When I first got diagnosed, the internet was one of the main places I learned about ADHD.
There were two types of information I got from the internet. One was basic factual information about the symptoms and causes of ADHD. The other was more personal information about people’s firsthand experiences living with the disorder.
In the years since then, the internet has only become more used as an educational resource for ADHDers. In particular, YouTube has taken off. Increasingly, people have picked up cameras and taken to YouTube to share whatever’s on their mind about ADHD.
In the case of ADHD, this give-and-take is even trickier because people are using online content to inform their understanding of a mental health condition. For that reason, a group of researchers decided to watch the most viewed YouTube videos about ADHD and assess how accurate the information those videos provided was.
A search turned up 120 videos that together had nearly 180 million views, which goes to show that plenty of people are watching YouTube videos about ADHD. These videos were then ranked using the DISCERN criteria, a set of questions designed to evaluate how biased health-related information is. For example, some of these criteria are:
- Is it clear what sources of information were used to compile the publication (other than the author or producer)?
- Does it refer to areas of uncertainty?
In the case of ADHD videos, these questions are enlightening. First, if a video is making claims about the science behind ADHD, you want to know what scientific studies those claims are actually coming from. Second, things having to do with mental health and psychology research are rarely 100 percent certain, so if a video doesn’t acknowledge areas of uncertainty, that can be a red flag.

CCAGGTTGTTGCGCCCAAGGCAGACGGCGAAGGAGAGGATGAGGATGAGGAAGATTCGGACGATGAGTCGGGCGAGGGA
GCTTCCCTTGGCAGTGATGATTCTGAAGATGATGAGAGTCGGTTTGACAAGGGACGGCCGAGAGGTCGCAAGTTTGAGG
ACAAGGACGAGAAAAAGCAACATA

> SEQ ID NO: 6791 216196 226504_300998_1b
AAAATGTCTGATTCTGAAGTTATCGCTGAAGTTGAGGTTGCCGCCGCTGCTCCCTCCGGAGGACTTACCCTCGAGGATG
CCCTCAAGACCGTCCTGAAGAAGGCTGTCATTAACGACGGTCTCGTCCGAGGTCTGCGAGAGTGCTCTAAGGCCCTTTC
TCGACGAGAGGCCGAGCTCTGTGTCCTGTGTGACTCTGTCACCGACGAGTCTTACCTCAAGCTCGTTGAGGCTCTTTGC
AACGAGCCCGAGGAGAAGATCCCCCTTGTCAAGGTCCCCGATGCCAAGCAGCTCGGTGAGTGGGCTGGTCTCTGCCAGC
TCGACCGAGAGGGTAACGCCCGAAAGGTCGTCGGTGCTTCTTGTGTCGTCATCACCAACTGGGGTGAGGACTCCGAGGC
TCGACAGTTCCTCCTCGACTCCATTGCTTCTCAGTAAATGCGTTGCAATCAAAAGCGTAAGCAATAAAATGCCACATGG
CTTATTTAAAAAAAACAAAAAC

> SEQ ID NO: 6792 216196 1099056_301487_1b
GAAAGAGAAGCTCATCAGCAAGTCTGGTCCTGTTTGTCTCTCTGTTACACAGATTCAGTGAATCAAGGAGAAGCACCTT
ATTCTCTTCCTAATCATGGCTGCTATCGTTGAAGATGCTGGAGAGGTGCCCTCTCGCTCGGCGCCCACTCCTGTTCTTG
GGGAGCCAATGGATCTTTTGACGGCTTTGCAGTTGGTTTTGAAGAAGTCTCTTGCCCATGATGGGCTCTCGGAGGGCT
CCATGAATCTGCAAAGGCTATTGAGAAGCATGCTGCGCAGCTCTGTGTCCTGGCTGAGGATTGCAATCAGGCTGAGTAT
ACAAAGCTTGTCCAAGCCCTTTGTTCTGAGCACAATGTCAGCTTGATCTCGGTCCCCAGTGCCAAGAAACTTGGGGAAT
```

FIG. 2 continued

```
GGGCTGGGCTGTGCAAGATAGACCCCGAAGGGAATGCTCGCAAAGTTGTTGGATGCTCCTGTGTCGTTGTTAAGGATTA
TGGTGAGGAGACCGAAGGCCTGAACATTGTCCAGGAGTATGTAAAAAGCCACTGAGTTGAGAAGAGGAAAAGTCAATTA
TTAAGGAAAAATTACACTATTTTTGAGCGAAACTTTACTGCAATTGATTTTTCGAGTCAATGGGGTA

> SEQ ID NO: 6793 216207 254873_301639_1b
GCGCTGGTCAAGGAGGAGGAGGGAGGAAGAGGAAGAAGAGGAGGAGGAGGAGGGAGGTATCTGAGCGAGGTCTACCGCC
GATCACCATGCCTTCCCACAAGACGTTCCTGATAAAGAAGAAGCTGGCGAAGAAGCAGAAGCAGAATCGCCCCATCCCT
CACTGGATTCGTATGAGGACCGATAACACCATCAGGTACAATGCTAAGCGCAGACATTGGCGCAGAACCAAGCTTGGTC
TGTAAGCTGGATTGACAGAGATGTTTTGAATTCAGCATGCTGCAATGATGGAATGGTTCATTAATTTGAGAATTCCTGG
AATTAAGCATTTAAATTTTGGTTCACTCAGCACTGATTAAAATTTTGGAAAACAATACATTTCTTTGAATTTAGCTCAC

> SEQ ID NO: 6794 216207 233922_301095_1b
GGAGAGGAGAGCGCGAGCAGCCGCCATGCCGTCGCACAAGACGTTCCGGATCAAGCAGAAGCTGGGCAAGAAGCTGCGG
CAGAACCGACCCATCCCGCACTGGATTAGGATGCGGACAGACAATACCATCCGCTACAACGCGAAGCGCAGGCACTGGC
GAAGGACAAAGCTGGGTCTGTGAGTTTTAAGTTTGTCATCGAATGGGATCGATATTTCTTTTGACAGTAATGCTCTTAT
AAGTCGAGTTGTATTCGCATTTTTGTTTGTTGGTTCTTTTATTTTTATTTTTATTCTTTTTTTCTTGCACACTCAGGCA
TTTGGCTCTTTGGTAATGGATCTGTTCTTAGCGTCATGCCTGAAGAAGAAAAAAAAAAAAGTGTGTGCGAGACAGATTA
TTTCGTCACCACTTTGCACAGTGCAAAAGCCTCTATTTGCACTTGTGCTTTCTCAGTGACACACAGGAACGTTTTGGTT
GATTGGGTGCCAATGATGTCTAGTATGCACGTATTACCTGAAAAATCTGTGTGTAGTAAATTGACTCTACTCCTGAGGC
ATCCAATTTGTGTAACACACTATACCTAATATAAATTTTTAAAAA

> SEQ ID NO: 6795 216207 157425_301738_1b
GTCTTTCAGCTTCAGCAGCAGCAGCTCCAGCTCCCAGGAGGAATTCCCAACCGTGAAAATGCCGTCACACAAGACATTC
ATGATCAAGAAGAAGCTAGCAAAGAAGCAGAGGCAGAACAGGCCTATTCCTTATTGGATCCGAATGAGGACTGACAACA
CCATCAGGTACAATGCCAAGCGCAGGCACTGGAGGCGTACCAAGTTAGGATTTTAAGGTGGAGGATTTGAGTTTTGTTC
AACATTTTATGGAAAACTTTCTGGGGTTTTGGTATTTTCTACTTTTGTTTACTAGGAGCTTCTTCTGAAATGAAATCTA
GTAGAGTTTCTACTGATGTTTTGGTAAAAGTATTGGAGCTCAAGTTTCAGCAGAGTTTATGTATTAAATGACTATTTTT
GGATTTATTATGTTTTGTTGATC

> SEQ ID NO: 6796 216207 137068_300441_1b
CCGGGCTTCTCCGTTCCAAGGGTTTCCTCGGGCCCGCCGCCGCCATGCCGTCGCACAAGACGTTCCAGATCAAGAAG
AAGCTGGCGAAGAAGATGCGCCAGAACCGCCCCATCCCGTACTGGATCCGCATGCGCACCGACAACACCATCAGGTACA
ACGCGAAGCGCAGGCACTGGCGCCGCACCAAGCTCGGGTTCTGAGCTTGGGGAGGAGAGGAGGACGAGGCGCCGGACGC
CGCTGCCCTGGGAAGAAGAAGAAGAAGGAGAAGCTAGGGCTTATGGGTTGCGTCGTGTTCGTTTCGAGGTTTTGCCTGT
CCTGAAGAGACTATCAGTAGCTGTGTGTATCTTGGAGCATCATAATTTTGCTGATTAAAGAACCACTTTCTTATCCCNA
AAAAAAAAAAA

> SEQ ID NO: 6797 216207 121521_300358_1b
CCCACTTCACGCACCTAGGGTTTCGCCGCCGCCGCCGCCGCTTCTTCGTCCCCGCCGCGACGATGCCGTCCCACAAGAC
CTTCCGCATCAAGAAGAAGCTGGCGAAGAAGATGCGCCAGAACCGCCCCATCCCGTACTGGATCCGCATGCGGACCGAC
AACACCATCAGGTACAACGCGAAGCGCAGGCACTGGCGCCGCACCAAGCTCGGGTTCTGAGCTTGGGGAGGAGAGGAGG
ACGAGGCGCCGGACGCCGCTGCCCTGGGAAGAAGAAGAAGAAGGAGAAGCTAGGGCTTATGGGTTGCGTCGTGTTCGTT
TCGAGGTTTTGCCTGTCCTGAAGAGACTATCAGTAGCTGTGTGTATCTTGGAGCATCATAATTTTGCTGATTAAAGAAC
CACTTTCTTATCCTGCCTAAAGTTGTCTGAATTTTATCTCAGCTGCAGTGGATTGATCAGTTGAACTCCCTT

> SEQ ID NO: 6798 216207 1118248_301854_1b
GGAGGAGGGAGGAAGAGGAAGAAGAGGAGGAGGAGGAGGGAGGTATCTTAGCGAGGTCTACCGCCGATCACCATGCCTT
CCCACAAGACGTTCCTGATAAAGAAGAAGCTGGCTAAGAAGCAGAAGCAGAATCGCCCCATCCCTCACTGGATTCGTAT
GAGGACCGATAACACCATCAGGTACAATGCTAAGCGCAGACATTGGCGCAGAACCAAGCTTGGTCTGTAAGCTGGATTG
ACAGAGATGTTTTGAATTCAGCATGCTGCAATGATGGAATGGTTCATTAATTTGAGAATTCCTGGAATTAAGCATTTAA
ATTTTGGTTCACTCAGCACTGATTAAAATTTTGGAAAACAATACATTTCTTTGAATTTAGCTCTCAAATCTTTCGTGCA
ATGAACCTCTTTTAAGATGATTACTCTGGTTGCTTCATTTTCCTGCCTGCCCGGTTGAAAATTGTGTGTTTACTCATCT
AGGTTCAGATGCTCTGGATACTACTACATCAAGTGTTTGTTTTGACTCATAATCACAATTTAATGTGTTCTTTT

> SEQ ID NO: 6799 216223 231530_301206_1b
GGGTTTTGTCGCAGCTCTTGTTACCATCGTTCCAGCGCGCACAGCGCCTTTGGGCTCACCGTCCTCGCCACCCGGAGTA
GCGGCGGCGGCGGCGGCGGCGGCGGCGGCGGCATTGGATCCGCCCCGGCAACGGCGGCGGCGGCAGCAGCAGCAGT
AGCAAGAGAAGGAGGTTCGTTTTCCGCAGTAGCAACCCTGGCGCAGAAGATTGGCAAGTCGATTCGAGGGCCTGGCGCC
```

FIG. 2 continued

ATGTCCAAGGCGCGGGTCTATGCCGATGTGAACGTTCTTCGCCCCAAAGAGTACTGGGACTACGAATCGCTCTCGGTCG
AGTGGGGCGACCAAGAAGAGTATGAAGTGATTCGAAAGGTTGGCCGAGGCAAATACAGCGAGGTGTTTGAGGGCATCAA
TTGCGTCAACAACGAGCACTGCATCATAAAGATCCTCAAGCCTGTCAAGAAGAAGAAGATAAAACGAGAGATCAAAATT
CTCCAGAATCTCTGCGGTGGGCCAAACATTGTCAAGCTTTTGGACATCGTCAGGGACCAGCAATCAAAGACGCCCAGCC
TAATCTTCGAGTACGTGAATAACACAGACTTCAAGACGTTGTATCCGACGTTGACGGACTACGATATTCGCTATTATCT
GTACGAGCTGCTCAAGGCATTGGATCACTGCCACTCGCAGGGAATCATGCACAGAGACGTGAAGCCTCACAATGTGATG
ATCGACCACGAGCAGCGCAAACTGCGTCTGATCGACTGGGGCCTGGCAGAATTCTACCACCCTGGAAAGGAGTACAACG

Altogether, the DISCERN criteria cover 16 main questions that are answered on a scale from 1 (bad) to 5 (good). You then get a total score for the source being evaluated, ranging from completely biased (1) to completely unbiased (5).
Rating the ADHD videos, the researchers came up with an average score of 2.03, which certainly leaves something to be desired. Different factors like whether a video was produced by medical professionals or whether it was sponsored tended to make a difference, but no matter how the researchers sliced the data up the average score tended to be somewhere between 2 and 3.
Part of what brought the score down was videos that repeated common myths about ADHD. These videos asserted that ADHD wasn’t “real,” that it was invented by pharmaceutical companies, or that ADHD meds were drugs of abuse. The danger with these videos, of course, is that people who don’t know much about ADHD will come across them and end up accepting an unscientific narrative about what ADHD is.
There’s a takeaway about getting ADHD-related information from YouTube, or any online resource for that matter. When there are claims being made about what ADHD is, or about the science behind ADHD, make sure you know what the sources for those claims are.
It’s important to know where claims about ADHD are coming from, which is one reason you’ll see me linking to lots of research studies on this blog. If someone says “according to scientists…” or “studies have found…”, make sure they’re actually telling you the specific studies that back up their claims!
I do think there’s a place for subjective content about ADHD. Videos in which ADHDers describe their personal experiences are helpful to other ADHDers, even if the videos don’t provide any explicitly educational content. I know when I first got diagnosed with ADHD, it was empowering just to discover that there were other people out there experiencing similar things as me. It’s great that ADHDers can take to the internet and share their firsthand experiences, and you don’t need to cite any sources for that!
When it comes to using online content like YouTube videos to learn about the science behind ADHD, however, that’s when it becomes important to think critically about where information is coming from. When vloggers, bloggers, or anyone else starts making claims about ADHD as a condition, remember to ask yourself what the basis for those claims is!